Manhattan Nebraska quarterback Joe Ganz helped rout Kansas State with his arm last year, setting school records for yards and touchdowns.
Another rout, another big game from Ganz - with a little help from his feet.
Ganz accounted for 365 total yards and four touchdowns, and Nebraska manhandled Kansas State for the second straight year, rolling over the Wildcats, 56-28, on Saturday.
Nebraska (7-4, 4-3 Big 12) routed Kansas State, 73-31, last season, thanks to Ganz's 510 yards and seven TDs passing.
The senior had another solid game passing, throwing for 270 yards and a pair of scores after having his first pass intercepted and returned for a touchdown. This time, Ganz was just as effective running, getting 95 yards and a pair of scores on 11 carries.
So which was more satisfying?
"Both, really - anything that leads us to a win," Ganz said. "Whatever it takes to get this team a win, I'm going to do it. If that means throwing for 300 yards or if I have to run it for 100, I'll do whatever they ask of me."
Nebraska's dominance started up front.
The Cornhuskers established the running game early, punishing the Wildcats (4-7, 1-6 Big 12) at the line of scrimmage, scoring their first three touchdowns on the ground. Roy Helu Jr. had the first one on a one-yard run, then Quentin Castille turned a fourth-and-one into a 37-yard score late in the first quarter. Helu scored again in the second quarter, this time on a 24-yard run that put Nebraska up, 21-14.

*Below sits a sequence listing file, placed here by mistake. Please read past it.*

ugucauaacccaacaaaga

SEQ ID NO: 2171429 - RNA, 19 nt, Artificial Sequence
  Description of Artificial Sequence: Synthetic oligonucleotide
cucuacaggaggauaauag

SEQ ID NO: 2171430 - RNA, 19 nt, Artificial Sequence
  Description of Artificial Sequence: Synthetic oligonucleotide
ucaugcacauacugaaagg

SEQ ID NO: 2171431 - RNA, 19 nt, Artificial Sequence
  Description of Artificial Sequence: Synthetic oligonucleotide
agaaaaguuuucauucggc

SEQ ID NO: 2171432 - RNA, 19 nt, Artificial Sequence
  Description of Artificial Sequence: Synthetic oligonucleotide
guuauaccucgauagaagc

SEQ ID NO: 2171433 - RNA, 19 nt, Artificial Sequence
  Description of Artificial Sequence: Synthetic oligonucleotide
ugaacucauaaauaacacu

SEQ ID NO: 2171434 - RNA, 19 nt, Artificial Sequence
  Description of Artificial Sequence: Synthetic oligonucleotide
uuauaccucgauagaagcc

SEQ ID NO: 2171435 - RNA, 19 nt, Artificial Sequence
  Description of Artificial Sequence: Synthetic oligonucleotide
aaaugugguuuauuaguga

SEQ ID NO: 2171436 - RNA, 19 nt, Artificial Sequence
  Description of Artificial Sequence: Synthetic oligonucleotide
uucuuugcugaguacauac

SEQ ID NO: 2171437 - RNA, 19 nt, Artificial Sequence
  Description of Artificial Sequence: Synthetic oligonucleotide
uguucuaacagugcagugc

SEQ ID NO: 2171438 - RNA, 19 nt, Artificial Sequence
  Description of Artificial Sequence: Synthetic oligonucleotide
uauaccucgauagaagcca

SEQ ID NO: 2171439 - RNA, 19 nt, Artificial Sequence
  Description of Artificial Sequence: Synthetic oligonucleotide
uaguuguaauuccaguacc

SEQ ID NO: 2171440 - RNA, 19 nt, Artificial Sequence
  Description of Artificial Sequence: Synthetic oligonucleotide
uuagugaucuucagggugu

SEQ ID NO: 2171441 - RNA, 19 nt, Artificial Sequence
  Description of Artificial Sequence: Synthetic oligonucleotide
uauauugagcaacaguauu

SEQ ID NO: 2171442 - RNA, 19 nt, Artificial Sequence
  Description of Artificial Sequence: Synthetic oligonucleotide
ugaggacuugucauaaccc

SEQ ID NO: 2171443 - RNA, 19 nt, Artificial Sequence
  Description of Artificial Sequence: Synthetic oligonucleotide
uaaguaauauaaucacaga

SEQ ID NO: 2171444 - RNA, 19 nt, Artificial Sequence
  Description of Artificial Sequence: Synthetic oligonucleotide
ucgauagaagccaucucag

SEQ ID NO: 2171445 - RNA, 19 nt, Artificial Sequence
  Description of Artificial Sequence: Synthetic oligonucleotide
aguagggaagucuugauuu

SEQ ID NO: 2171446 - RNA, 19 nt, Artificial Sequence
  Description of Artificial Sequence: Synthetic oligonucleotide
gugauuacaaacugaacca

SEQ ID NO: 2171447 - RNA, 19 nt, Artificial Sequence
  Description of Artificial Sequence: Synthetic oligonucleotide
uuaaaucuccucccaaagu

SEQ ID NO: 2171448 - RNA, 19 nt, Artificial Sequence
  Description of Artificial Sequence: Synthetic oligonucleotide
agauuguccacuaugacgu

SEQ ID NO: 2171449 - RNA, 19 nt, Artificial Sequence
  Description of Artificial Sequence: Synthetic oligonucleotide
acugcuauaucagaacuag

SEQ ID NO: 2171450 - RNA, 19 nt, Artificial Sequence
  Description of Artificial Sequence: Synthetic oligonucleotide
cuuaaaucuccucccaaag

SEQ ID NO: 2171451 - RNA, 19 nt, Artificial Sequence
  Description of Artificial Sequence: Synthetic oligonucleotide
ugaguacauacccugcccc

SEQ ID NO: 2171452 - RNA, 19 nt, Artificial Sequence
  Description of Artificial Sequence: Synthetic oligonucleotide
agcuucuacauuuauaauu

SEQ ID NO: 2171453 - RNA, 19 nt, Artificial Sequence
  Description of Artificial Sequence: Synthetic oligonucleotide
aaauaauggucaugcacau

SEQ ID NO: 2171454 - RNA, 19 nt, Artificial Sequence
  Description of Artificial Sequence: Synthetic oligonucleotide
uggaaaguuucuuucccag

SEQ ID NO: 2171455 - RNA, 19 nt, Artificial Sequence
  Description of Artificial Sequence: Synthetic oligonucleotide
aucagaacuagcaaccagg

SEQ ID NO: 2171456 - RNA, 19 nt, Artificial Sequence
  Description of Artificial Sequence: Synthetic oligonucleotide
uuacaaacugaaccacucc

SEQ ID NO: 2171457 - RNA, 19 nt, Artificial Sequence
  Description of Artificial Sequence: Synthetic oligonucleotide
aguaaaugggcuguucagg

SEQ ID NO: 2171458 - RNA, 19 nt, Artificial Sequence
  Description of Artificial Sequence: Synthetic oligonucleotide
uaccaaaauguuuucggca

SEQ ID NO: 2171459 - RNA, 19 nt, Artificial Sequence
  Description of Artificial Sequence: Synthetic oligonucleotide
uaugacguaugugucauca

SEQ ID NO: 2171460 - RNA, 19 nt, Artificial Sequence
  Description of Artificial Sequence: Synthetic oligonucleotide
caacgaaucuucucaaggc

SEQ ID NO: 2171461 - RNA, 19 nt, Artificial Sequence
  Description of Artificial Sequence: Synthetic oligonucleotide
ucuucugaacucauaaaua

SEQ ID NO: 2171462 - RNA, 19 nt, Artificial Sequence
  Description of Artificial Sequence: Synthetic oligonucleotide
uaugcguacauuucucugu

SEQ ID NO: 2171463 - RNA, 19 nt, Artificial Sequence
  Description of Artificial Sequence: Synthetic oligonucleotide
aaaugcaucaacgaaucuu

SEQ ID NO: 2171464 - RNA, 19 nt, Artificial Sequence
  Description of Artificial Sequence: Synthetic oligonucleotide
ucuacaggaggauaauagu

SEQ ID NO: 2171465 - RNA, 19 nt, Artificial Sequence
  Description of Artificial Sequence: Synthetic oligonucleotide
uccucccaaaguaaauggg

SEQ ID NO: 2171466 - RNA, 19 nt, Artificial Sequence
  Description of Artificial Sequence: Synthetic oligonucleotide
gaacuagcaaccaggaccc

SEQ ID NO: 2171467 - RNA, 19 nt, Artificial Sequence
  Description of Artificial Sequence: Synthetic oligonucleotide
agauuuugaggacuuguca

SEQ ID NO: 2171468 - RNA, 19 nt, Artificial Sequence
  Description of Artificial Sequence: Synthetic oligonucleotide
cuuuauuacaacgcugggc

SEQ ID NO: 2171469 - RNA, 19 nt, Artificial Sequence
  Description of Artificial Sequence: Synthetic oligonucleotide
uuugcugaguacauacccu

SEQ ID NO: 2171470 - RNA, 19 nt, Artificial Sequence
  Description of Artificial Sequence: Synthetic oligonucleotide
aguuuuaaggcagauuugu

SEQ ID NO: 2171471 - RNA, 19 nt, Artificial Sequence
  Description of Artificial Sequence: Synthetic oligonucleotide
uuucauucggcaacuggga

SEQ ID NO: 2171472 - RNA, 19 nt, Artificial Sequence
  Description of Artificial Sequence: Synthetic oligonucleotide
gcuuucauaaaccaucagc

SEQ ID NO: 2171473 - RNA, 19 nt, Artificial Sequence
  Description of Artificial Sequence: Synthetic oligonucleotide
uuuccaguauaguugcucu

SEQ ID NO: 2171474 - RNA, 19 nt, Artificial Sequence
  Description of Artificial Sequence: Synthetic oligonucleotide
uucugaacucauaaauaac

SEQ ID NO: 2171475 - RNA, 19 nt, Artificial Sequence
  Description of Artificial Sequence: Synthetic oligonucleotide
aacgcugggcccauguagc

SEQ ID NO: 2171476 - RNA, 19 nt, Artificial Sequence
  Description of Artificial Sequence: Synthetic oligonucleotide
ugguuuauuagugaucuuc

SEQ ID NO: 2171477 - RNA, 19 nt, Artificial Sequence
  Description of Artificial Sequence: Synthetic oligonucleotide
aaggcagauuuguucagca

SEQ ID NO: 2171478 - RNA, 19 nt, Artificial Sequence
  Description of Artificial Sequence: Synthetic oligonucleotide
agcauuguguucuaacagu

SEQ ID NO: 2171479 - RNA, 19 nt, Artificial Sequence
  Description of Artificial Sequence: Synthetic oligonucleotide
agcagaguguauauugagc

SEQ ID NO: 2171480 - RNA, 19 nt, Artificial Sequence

Ganz took his turn through the air, hitting a pair of touchdown passes late in the second quarter, then went back to the ground in the fourth, scoring on runs of 25 and 14 yards.
By the time they were done, the Cornhuskers had 610 total yards - 340 rushing - for their fourth-straight victory over Kansas State.
"I thought we did a lot of good things," Nebraska coach Bo Pelini said. "I thought Joe managed it really well, and the backs ran hard and tough. Joe was able to hurt them with his feet, and that helped open up our running backs, too."
Nebraska's defense wasn't bad, either.
The Cornhuskers finally earned the coveted Blackshirts in practice this week and responded by harassing KSU quarterback Josh Freeman from the opening snap and completely squashing the Wildcats' running game.
Freeman, the nation's 13th-ranked passer at 292 yards per game, faced constant pressure and was sacked five times. He had to hurry or throw off his back foot on several other throws, going 7-for-18 for 114 yards before being replaced by Carson Coffman.
Kansas State's running game managed a dismal 59 yards on 32 carries.
"Josh wasn't his normal self," Kansas State coach Ron Prince said. "He wasn't doing some of the things that he has to be able to do, for whatever reason."
l Summary on page 6C